The draft sequence of the human genome was completed in February 2001, and in the decade since publication sequencing technologies have undergone a revolution in throughput and costs. Current methods employ synthesis or ligation for base-call detection, called ‘2nd generation’ sequencing, while recent improvements have introduced the ‘3rd generation.’ The base-call error-rates vary among the technologies. However, these techniques can generate sequence data rapidly such that an entire genome can be obtained to a reasonable coverage in two to four weeks. Moreover, the number of samples sequenced can be easily increased by using more instruments.
The challenge now facing scientists and physicians is how to best apply the data generated to the clinic. Development of analytical pipelines needed to interpret the sequence data will be critical to its success in clinical application. Among the issues to be solved are the volume of raw data generated and the accuracy of the base-calls. Until the analytical challenges are resolved, the existing sequencing methods remain primarily a research tool, rather than a high-throughput, validated method which could be applied routinely in clinical diagnostics and practice.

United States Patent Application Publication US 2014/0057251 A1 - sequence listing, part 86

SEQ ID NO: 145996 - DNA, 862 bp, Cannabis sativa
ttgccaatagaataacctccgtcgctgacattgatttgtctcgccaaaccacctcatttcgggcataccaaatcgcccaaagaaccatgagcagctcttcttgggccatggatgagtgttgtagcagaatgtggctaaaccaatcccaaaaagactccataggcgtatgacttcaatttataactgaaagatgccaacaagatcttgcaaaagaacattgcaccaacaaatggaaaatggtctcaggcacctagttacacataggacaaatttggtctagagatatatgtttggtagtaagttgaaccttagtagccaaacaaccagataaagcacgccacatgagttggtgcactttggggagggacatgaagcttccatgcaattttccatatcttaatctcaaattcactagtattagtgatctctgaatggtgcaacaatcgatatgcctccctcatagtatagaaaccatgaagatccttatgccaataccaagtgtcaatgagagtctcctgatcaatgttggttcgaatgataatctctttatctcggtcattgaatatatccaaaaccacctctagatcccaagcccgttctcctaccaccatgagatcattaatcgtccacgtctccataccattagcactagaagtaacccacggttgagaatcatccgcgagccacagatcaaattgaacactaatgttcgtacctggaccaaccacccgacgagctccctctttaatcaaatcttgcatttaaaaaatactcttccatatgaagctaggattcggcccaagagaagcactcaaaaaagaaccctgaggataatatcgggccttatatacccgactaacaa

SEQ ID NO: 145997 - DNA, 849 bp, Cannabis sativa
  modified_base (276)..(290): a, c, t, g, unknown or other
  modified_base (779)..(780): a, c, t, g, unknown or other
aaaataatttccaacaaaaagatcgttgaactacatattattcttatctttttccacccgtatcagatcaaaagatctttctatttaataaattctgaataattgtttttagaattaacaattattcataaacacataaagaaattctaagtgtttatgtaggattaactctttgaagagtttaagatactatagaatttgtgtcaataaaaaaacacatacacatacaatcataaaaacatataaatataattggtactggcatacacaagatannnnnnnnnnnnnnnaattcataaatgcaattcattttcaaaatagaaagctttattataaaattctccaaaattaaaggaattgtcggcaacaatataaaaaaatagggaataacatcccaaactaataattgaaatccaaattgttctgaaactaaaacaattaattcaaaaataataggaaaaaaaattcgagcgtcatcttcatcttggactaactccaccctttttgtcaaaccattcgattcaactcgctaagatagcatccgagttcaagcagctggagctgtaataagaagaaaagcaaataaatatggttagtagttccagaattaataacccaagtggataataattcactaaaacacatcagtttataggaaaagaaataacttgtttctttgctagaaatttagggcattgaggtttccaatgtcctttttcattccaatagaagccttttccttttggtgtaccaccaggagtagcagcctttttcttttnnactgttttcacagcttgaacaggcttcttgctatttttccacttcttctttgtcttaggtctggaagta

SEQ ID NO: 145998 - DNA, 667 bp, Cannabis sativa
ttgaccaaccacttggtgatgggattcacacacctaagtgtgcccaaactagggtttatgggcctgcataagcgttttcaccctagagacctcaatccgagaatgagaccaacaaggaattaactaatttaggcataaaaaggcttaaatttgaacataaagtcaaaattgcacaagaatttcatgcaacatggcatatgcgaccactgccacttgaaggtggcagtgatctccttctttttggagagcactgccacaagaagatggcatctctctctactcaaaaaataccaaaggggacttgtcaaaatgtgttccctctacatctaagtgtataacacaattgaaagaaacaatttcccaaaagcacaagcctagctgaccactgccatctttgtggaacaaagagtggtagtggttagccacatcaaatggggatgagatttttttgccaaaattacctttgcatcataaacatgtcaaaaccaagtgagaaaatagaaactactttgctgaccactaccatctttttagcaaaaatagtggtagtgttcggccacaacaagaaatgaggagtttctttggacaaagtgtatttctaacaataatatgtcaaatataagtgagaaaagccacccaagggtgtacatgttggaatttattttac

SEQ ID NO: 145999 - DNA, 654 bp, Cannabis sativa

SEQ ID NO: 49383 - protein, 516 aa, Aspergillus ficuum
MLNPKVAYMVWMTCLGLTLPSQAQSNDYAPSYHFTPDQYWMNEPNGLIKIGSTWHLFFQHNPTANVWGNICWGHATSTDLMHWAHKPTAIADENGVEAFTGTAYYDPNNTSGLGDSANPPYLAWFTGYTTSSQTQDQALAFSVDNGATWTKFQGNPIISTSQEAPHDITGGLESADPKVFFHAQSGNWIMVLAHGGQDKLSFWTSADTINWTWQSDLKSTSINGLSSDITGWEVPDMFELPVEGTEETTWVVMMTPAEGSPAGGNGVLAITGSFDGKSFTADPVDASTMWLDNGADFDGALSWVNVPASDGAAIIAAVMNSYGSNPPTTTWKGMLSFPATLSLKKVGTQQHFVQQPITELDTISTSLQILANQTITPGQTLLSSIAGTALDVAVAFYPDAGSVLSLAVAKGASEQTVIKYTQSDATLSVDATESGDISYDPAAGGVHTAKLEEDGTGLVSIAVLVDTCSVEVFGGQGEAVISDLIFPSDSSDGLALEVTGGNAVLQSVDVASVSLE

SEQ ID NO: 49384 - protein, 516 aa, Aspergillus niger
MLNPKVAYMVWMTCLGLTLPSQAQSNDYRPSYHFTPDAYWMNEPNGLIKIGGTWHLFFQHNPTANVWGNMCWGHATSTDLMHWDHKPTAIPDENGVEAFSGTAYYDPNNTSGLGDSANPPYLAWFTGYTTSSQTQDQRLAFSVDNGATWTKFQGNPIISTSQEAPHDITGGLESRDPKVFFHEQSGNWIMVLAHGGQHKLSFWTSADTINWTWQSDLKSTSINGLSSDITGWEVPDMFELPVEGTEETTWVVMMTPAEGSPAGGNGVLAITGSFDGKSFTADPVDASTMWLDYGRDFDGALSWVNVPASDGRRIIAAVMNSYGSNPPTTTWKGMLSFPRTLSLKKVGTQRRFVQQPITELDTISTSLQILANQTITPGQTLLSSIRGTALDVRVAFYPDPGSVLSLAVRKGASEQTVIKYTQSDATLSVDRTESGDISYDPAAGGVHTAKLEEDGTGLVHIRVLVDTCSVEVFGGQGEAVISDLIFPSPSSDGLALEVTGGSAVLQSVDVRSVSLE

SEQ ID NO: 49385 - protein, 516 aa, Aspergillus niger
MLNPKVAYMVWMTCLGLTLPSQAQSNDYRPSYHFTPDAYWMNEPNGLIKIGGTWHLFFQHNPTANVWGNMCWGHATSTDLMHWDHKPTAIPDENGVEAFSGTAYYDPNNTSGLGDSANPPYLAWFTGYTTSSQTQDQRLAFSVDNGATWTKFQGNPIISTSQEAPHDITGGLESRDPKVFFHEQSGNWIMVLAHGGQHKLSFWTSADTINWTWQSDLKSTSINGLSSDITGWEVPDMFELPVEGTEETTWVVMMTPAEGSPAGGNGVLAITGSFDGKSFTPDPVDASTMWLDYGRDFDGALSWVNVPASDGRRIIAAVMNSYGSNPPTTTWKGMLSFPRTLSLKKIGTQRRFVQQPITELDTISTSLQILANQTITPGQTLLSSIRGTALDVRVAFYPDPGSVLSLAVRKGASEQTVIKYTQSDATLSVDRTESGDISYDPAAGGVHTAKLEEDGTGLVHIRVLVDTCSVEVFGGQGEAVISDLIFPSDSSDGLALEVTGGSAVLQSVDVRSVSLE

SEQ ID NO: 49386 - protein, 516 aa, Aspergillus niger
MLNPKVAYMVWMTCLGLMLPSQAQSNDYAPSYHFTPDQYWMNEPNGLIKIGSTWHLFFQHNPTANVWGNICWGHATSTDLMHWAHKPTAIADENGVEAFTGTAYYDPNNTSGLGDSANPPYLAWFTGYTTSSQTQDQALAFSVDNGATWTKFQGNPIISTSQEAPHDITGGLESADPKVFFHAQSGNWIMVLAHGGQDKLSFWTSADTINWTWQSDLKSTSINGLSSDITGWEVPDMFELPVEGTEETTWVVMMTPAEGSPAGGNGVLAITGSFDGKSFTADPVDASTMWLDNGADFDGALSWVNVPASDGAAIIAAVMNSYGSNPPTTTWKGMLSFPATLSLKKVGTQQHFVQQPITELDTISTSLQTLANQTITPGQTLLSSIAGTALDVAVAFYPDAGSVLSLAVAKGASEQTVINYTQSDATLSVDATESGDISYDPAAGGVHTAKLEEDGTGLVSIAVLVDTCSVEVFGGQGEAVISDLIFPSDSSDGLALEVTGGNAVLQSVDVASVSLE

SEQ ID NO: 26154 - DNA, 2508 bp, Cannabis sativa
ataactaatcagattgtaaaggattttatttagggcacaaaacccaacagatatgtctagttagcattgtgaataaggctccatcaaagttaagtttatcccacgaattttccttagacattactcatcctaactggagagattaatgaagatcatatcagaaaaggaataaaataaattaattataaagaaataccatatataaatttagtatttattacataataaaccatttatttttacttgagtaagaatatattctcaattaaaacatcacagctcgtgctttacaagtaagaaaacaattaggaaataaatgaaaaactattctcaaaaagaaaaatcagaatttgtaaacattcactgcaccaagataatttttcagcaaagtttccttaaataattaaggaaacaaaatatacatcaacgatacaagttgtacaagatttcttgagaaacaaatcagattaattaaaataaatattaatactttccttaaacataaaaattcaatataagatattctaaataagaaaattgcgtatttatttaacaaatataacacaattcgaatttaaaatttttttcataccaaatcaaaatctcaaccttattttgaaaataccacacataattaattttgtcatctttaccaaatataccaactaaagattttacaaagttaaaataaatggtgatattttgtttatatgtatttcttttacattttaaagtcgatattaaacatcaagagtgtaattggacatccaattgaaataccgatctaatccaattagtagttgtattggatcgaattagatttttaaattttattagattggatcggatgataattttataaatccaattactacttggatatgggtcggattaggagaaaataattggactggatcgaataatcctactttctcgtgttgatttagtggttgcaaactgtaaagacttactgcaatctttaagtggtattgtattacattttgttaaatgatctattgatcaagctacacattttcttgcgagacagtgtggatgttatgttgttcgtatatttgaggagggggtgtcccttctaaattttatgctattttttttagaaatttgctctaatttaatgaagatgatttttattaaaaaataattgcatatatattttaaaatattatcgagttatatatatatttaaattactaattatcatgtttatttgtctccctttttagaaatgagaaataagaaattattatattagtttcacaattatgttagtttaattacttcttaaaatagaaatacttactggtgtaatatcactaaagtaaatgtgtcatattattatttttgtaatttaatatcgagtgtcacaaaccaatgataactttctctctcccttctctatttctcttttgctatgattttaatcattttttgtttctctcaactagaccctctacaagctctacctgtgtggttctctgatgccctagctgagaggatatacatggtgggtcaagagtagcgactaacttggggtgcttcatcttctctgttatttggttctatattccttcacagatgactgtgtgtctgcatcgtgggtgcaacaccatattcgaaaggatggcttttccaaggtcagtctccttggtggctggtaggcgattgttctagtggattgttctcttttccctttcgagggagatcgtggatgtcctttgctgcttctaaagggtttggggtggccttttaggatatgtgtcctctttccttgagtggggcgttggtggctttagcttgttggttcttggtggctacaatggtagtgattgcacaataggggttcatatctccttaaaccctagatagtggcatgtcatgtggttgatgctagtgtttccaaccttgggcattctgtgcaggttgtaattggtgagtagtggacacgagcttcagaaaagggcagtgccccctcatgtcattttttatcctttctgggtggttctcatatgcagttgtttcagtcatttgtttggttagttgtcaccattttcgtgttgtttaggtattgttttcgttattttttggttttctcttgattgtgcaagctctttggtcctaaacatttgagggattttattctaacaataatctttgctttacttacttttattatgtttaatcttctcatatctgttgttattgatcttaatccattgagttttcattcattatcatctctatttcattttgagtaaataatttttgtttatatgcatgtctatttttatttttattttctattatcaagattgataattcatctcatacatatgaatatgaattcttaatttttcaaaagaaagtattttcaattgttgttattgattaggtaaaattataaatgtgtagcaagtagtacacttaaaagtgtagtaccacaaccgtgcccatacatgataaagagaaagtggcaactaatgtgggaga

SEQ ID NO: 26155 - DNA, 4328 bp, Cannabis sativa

Once the analytical challenge is overcome, many of the chip-based methods will be replaced with sequencing that will meet a variety of needs including analysis of genome-wide expression profiling, identification of chromosomal aberrations (i.e. amplification, deletion, translocation and/or inversion), epigenetic modifications and disease-associated mutations. Among the advantages of the approach will be the agnostic nature of the test. Since previous knowledge of targets is not required, this approach allows for better precision of the quantitation and improved ability to discover sequence variations as small as one nucleotide and as large as megabase-sized genomic rearrangements.
Daniela S. Gerhard, Ph.D.
Director, NCI Office of Cancer Genomics